GINA: Protecting Genetic Information

The Genetic Information Nondiscrimination Act of 2008 (GINA) was signed into law in May 2008, and became effective in November 2009. Title II of GINA prohibits employers, employment agencies and unions from discriminating against applicants and employees based on genetic tests or genetic information.

In enacting GINA, Congress recognized that progress in genetic testing and studies may lead to the development of better therapies that are more effective against disease or have fewer side effects than current treatments. However, Congress also recognizes that employees fear that they may be at risk of losing their employment, or access to health coverage, if employers or insurers have access to their genetic information. GINA was enacted to address these growing concerns.

“Genetic Information” Defined

GINA defines “genetic information” as (1) an individual’s own genetic tests; (2) the genetic tests of a family member; and (3) the manifestation of a disease or disorder in family members. Notably, this definition does not include medical information about an employee’s manifested disease or disorder. Also, information about the age or sex of any individual is specifically excluded from the definition of “genetic information.”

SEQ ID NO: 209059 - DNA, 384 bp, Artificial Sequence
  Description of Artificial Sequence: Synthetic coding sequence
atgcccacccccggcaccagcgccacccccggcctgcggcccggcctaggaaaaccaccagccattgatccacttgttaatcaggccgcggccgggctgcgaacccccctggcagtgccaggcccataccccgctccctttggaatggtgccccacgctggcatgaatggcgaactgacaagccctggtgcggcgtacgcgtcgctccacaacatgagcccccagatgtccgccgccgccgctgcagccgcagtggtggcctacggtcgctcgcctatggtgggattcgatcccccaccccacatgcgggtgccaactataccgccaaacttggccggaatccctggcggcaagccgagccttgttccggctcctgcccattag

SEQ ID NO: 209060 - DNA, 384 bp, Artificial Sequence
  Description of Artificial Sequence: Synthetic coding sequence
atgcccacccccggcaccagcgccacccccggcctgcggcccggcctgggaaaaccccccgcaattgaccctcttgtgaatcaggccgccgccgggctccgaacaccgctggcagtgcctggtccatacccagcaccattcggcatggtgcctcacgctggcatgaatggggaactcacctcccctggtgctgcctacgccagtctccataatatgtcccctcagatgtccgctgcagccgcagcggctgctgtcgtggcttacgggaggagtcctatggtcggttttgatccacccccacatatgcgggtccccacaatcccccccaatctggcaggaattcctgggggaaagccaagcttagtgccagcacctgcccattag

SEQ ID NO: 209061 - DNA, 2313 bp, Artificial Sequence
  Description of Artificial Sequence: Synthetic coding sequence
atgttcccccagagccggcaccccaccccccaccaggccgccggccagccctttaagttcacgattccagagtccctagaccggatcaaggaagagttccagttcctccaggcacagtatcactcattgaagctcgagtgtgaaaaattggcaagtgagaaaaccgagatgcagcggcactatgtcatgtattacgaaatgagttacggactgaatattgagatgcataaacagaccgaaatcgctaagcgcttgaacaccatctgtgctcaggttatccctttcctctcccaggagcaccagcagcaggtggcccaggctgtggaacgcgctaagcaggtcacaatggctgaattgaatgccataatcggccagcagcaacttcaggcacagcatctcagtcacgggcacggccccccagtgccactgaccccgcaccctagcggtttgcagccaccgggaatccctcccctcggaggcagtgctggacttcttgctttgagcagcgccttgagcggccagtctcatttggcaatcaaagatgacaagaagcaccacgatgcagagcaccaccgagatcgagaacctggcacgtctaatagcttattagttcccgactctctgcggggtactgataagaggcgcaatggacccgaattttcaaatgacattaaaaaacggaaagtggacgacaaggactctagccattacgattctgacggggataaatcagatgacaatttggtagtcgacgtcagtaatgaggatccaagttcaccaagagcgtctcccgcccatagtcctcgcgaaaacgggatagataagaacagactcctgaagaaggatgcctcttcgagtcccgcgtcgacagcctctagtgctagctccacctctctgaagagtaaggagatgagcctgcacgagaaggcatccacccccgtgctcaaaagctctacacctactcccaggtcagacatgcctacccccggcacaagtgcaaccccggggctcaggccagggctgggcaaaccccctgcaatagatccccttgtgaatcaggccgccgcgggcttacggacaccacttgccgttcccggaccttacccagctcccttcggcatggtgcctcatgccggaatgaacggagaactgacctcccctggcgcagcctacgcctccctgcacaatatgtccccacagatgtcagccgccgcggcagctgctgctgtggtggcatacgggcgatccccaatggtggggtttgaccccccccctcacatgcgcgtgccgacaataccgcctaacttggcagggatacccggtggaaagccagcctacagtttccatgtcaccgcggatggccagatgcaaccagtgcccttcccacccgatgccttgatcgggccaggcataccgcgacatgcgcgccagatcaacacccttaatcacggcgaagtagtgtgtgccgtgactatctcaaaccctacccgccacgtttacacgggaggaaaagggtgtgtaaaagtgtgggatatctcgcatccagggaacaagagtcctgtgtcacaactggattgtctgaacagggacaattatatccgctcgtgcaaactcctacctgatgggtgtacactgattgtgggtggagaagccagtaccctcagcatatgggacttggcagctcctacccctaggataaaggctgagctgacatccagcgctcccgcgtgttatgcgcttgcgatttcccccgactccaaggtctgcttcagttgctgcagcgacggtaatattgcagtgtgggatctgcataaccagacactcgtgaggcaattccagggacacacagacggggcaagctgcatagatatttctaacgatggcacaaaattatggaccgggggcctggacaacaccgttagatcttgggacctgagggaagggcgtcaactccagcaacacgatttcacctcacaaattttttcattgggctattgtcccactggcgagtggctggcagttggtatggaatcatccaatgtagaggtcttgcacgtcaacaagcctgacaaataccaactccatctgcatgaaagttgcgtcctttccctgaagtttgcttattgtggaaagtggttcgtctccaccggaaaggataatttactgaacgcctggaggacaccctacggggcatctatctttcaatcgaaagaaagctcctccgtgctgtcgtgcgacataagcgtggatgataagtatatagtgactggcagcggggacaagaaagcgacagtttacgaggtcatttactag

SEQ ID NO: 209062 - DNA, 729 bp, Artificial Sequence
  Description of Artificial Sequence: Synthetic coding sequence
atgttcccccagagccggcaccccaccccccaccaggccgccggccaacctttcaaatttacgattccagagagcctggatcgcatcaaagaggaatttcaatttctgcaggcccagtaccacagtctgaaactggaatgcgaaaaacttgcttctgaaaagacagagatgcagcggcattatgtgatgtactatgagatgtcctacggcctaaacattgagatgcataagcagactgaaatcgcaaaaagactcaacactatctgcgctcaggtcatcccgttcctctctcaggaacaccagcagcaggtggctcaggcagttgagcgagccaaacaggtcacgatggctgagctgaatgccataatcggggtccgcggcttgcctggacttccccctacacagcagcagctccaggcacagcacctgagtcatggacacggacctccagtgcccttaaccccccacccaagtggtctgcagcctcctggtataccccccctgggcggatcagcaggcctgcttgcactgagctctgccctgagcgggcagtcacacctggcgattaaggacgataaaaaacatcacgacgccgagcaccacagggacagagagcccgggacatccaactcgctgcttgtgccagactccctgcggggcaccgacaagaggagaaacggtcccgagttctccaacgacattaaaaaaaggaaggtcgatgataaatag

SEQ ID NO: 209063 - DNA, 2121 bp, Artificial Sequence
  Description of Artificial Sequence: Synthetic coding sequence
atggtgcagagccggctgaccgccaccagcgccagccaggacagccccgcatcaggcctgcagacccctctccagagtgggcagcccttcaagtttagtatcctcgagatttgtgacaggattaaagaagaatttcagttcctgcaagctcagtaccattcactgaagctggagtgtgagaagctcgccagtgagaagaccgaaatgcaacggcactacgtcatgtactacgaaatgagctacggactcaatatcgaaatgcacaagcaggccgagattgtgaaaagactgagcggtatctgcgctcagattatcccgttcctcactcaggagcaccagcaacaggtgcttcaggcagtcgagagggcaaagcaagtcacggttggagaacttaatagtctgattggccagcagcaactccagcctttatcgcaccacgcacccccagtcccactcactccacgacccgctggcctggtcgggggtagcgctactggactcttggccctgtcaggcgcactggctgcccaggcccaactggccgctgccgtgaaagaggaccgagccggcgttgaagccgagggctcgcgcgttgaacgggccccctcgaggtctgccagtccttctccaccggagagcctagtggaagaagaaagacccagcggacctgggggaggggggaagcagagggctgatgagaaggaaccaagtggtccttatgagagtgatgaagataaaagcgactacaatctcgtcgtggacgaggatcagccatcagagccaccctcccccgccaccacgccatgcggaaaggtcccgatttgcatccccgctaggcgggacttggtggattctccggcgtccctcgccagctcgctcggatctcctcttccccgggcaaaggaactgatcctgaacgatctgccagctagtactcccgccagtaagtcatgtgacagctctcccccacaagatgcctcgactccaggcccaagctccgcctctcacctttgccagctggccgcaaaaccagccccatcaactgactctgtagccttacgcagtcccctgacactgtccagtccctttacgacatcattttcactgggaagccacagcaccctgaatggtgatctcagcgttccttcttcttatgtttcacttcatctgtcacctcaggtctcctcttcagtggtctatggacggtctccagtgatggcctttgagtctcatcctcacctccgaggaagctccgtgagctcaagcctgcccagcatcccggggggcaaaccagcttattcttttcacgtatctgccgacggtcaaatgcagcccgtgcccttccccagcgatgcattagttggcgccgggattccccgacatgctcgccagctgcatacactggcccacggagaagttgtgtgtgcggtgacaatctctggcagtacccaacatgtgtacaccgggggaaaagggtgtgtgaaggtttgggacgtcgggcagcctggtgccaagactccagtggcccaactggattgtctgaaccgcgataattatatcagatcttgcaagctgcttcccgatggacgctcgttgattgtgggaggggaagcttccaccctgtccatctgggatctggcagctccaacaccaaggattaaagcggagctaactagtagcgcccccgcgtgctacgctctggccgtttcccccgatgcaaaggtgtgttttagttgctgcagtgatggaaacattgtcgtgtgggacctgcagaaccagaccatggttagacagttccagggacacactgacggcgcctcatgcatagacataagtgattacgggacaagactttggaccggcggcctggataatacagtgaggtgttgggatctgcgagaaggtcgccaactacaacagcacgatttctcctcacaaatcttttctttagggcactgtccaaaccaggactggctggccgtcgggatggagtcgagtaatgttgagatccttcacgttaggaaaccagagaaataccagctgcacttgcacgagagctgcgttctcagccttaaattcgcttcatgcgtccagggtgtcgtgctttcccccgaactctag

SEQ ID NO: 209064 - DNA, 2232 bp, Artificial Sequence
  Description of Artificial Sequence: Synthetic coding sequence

Proposed regulations further clarify that a test for the presence of alcohol or drugs is not a genetic test; however, a test to determine whether an individual has a genetic predisposition for alcoholism or drug use is a genetic test.

Employers May Not Discriminate Based on Genetic Information or Retaliate

Specifically, it is unlawful for an employer to discriminate against an employee or applicant on the basis of genetic information with regard to hiring, discharge, compensation, training, and other terms, conditions or privileges of employment. Similar to Title VII, anti-retaliation provisions protect an employee who files a Charge of Discrimination or otherwise complains or participates in an investigation or proceeding regarding violations of GINA.

Employers May Not Request or Obtain Genetic Information

An employer’s ability to request, require, or purchase genetic information with respect to an employee or family member of an employee is prohibited except in very limited and specifically defined instances, including:

Inadvertent Disclosure: where an employer “inadvertently” requests or requires family medical history of the employee or family member of the employee. The EEOC cautions employers that an overly broad request for medical information will not be considered an “inadvertent” disclosure.

Examples of the “inadvertent” disclosure exception would include overhearing a conversation between employees, receiving unsolicited information from the employee, and obtaining genetic information as part of a lawful request for leave or accommodation under the Americans with Disabilities Act (ADA), similar state law, or other leave request.